Former housekeeper now badly needs a home | News

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From a distance, the structure of board and zinc along the Redberry main road near Porus, Manchester, stacked like pieces of a puzzle being put together by a toddler and perched atop a rocky surface, looks like an abandoned building.

But upon closer inspection, you may see smoke coming from a wood fire set up for domestic purposes and surely, the tall, aged frame of the owner.

Myrtle Saunders said she has lived in the temporary structure she erected for over 20 years, having leased the property from its owners, and while it once served her well, the elderly woman said she can no longer contend with its rapid deterioration.

“The heavy rains come and it mash up the place. I get wet inside and everything get wet up. The wood that makes the house was used wood already, and it just get worse over the years. It withstand Hurricane Ivan, but now it can’t even manage heavy rain,” Saunders lamented.

The six-room structure with a makeshift kitchen attached to a bedroom and other rooms used for storage bore solace for Saunders and her son, but since he died, the elderly woman said she has had to bear the brunt of it all.

“My son dead years now. Him did have thrombosis and he died in his sleep. Mi here and mi don’t really make nothing trouble me enuh, but I would really want a house. I don’t have a bathroom and other little things, but me just have to go on with what me have until help come,” she said.

Lease Agreement

Saunders presented a lease agreement that indicated she was to pay $1,000 annually to occupy the property, with a temporary structure, but said the owners told her years ago that she no longer had to pay.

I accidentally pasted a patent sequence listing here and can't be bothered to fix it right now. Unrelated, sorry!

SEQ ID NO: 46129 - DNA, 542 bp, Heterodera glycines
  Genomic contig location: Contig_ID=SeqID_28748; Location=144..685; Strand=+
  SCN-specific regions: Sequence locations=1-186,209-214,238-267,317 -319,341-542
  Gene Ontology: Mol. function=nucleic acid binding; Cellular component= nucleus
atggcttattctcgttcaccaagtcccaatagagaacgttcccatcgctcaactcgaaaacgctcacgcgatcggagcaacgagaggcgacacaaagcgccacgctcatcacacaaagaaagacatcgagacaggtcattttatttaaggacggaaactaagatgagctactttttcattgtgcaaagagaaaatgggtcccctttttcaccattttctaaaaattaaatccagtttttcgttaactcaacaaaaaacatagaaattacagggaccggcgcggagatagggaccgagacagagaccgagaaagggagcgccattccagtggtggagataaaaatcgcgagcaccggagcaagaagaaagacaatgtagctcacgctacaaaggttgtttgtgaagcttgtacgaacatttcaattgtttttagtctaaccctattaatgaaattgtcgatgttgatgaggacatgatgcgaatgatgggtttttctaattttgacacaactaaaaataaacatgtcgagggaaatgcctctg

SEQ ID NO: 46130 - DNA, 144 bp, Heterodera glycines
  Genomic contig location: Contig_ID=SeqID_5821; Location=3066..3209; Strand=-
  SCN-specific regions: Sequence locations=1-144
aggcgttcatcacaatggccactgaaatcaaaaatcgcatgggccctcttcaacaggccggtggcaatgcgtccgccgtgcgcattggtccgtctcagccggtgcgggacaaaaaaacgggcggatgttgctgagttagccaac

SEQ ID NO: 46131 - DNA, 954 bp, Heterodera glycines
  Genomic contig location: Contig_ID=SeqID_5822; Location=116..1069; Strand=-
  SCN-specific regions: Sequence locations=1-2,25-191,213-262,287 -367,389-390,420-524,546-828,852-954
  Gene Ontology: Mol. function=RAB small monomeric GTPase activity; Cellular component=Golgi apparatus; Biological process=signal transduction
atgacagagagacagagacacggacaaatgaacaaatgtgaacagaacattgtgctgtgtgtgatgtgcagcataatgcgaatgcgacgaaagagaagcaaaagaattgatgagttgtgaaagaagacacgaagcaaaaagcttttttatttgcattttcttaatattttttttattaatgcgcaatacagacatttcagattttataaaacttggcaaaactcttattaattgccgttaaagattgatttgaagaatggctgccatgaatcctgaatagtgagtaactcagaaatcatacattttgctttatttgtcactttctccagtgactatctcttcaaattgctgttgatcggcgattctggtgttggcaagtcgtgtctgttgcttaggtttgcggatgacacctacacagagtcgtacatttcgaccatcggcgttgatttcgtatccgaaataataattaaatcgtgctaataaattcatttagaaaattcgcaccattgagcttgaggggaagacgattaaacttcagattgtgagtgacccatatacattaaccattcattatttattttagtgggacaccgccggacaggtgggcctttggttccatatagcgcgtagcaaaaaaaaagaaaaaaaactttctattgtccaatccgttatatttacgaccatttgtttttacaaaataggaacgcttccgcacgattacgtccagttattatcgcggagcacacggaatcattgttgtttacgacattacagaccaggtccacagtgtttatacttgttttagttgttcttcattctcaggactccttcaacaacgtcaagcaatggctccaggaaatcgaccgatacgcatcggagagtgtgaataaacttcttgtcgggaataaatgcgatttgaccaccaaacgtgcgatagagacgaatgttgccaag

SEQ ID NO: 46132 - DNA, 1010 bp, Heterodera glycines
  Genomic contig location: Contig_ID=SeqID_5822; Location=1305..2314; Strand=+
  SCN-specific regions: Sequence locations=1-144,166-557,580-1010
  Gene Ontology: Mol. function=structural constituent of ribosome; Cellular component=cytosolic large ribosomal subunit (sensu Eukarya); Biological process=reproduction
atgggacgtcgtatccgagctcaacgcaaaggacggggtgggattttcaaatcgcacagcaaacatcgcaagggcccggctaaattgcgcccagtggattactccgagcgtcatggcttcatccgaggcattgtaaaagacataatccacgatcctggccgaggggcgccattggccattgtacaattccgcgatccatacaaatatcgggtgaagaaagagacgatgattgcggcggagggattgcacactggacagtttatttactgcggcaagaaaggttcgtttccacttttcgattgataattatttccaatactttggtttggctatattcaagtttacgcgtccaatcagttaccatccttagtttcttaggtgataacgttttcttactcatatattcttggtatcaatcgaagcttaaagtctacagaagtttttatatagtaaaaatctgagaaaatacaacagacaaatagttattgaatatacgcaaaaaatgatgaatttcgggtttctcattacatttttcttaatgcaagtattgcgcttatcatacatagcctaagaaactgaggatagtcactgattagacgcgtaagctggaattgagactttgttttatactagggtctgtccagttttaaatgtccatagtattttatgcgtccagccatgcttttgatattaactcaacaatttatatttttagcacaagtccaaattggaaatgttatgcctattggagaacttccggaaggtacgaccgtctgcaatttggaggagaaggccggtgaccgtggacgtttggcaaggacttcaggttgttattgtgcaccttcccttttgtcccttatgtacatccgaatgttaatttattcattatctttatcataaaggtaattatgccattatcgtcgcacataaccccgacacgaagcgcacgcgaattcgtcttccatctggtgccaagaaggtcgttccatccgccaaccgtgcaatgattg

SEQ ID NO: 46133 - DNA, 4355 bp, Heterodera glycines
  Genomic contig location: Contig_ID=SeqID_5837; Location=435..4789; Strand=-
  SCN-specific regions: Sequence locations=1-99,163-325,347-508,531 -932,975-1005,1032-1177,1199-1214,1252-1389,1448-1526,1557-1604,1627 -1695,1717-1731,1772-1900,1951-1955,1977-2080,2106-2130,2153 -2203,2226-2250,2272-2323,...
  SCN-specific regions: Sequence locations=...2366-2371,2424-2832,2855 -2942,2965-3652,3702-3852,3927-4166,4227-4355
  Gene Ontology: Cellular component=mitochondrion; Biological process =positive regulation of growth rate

The 75-year-old told The Gleaner that she has lands elsewhere but that the terrain is currently too difficult for her to tread.

“Mi just want a house. Mi have land round further up but me have to stop me breath fi go up that hill … me can’t manage it. If me cyan get house, me wouldn’t mind get this fix up, some repairs, because is only board house, something temporary me can put on the property here.”

With a pleasant and jovial personality despite the odds, Saunders said, for years she cared for countless homes in the Tollgate, Clarendon area as a domestic worker, but had to leave it in 2005 after being diagnosed with rheumatoid arthritis.

“I used to be able to handle my own, enuh. But I got sick and I was even crippled. I weighed 220 pounds and me draw down to this. Suppose you did see me? I just go work one day and come home and me just sick. Mi use to even raise mi chickens and help myself, but mi can’t manage anymore.”

With her only consistent means of being able to purchase food and sometimes visiting the doctor coming from the Programme of Advancement Through Health Education, Saunders said she is hoping that favour will be granted to her and she can live a comfortable life.

“If I tell you I have never got a little help here and there, God would charge me, but I don’t really get help around this side, and to be honest, I don’t mind because people take it and tell you around these parts. I try to be comfortable with my little much but you can see that the place stay bad now. The floor can’t keep clean, I have to pack up everything because the ceiling cave in and wet up everything. I really need the help,” Saunders stressed.

To assist Mrytle Saunders call (876) 434-8031.

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